Politics Republican chides Blinken for not testifying in person about Afghanistan
Fact check: Biden didn't 'gift' weapons to Taliban, hasn't proposed banning pistols
A widespread narrative on social media misleads on the value of military equipment left behind in Afghanistan."The current regime that just gifted the Taliban with $80+ billion worth of military grade weapons wants your 9mm pistols," reads an Aug. 17 text post on Facebook. "THINK ABOUT IT.
Secretary of State Antony Blinken was criticized by a Republican congressman for testifying virtually on the Biden administration's withdrawal of U.S. forces from Afghanistan.
Rep. Scott Perry, a Pennsylvania Republican, chastised Blinken as hevia video call from the State Department building on Monday, blocks from where the physical hearing took place on Capitol Hill in front of the House Foreign Affairs Committee.
"Mr., assuming it isn’t classified, can you tell us where you are today?" Perry said.
"Yes, I'm at the State Department," Blinken answered.
Latest on Afghanistan: Biden says US 'on a pace' for Aug. 31 pullout; Taliban block Afghans from airport
Biden added the deadline depends on Taliban cooperation, and added that he has asked the Depts. of State and Defense to prepare contingency plans.His remarks from the White House came the same day the Taliban said it would stop Afghans from trying to go to the Kabul airport and told women to stay home to stay for a time to stay safe, fueling worries about how the Taliban will treat women.
"Oh, couldn't be bothered to come down here and see Congress? All right, that's great," Perry said.
Blinken beganit was his understanding the House was "not in session."
"I’m right here, Mr. Secretary, so is the chairman and ranking member," Perry interrupted. "We’re here!"
CONGRESSMAN SCOTT PERRY: "Can you tell us where you are today?"
BLINKEN: "Yes. I'm at the State Department."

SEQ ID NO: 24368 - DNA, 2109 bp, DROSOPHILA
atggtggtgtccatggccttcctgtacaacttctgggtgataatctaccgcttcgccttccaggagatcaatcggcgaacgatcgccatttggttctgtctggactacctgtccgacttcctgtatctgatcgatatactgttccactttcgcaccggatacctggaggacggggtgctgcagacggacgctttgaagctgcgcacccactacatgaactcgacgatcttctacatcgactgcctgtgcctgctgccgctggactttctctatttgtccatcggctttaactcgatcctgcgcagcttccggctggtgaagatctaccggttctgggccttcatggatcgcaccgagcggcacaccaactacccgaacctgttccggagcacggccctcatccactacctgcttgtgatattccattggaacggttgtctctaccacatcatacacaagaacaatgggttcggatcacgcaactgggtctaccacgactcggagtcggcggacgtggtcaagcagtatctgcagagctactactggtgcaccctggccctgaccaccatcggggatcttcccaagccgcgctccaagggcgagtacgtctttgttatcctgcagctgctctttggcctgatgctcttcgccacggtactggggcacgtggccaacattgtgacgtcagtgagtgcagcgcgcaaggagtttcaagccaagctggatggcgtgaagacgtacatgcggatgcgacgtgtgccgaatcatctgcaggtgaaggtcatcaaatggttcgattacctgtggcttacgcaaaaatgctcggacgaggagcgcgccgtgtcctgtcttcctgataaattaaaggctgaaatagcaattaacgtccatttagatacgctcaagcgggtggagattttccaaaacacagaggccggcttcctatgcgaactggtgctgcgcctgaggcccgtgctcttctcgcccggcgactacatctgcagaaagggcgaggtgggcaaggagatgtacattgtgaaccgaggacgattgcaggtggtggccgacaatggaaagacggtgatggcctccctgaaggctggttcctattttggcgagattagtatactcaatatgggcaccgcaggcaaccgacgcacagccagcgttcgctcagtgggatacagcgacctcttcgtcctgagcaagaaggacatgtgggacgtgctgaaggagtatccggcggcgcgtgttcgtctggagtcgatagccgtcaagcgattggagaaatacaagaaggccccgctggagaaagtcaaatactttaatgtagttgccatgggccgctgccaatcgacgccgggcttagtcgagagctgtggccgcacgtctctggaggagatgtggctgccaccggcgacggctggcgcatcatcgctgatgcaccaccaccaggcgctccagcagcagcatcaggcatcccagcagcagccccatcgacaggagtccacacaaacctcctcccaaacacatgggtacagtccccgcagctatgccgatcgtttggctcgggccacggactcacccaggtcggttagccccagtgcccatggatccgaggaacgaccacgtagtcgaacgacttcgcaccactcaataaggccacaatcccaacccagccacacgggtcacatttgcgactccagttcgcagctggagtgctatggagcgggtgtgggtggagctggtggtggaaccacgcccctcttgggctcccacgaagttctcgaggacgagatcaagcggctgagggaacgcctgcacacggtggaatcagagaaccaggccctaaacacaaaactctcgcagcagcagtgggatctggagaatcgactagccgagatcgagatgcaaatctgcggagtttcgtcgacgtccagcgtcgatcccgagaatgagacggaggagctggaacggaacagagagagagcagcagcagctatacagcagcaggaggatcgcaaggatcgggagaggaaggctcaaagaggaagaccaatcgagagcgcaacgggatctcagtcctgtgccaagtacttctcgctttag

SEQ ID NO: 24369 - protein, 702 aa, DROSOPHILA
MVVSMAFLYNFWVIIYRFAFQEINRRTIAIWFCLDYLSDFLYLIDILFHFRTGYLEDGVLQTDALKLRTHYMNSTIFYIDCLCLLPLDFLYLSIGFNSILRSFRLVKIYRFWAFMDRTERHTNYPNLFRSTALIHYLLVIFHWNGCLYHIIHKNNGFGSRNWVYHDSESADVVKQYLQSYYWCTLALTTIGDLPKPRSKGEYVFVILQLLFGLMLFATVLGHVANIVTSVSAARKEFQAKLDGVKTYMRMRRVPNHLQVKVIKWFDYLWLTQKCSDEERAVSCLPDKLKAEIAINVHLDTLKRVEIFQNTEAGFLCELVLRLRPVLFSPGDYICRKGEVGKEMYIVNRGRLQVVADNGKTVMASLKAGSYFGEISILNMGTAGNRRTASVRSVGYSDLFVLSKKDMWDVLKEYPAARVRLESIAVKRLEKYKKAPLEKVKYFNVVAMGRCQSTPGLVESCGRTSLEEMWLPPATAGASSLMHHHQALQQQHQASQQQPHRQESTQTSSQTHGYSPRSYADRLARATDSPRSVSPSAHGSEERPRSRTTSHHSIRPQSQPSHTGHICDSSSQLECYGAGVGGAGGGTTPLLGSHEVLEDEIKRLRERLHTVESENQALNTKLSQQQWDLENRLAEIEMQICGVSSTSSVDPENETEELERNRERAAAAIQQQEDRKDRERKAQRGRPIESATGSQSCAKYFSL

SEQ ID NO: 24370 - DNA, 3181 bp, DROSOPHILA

PERRY: "Couldn't be bothered to come down here and see Congress? Alright, that's great."— Townhall.com (@townhallcom)
House Foreign Affairs Committee Chairman Gregory Meeks, a New York Democrat, said the event was a "hybrid hearing," so attendees and members were given the option to attend virtually.
Overnight Defense & National Security — Blinken heads to the hot seat
It's Tuesday, welcome to Overnight Defense & National Security, your nightly guide to the latest developments at the Pentagon, on Capitol Hill and beyond. Subscribe here: thehill.com/newsletter-signup.Secretary of State Antony Blinken is set to appear before both chambers of Congress as questions remain on the Biden administration's messy Afghanistan withdrawal and the future of those left behind in the war-torn country.We'll share how manySecretary of State Antony Blinken is set to appear before both chambers of Congress as questions remain on the Biden administration's messy Afghanistan withdrawal and the future of those left behind in the war-torn country.
He insisted the secretary "has done no wrong" in response to a follow-up inquiry by Rep. Darrell Issa, a Republican from California, who asked if Blinken was given the option to appear virtually.
During his testimony, Blinkenthe Biden administration's withdrawal strategy and execution.
“We planned and exercised a wide range of contingencies. Because of that planning, we were able to draw down our embassy and move our remaining personnel to the airport within 48 hours," Blinken said. "And the military — placed on standby by the president was able to secure the airport and start the evacuation within 72 hours."
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Photos show turmoil and panic as Taliban enter Afghanistan's capital Kabul .
The United Nations has cited continued reports of serious human rights abuses and violations in the communities most affected by the fighting. International aid groups have warned of a humanitarian crisis.U.N. Secretary-General Antonio Guterres expressed particular concern Sunday about the future of women and girls in the country, saying hard-won rights "must be protected" and "all abuses must stop.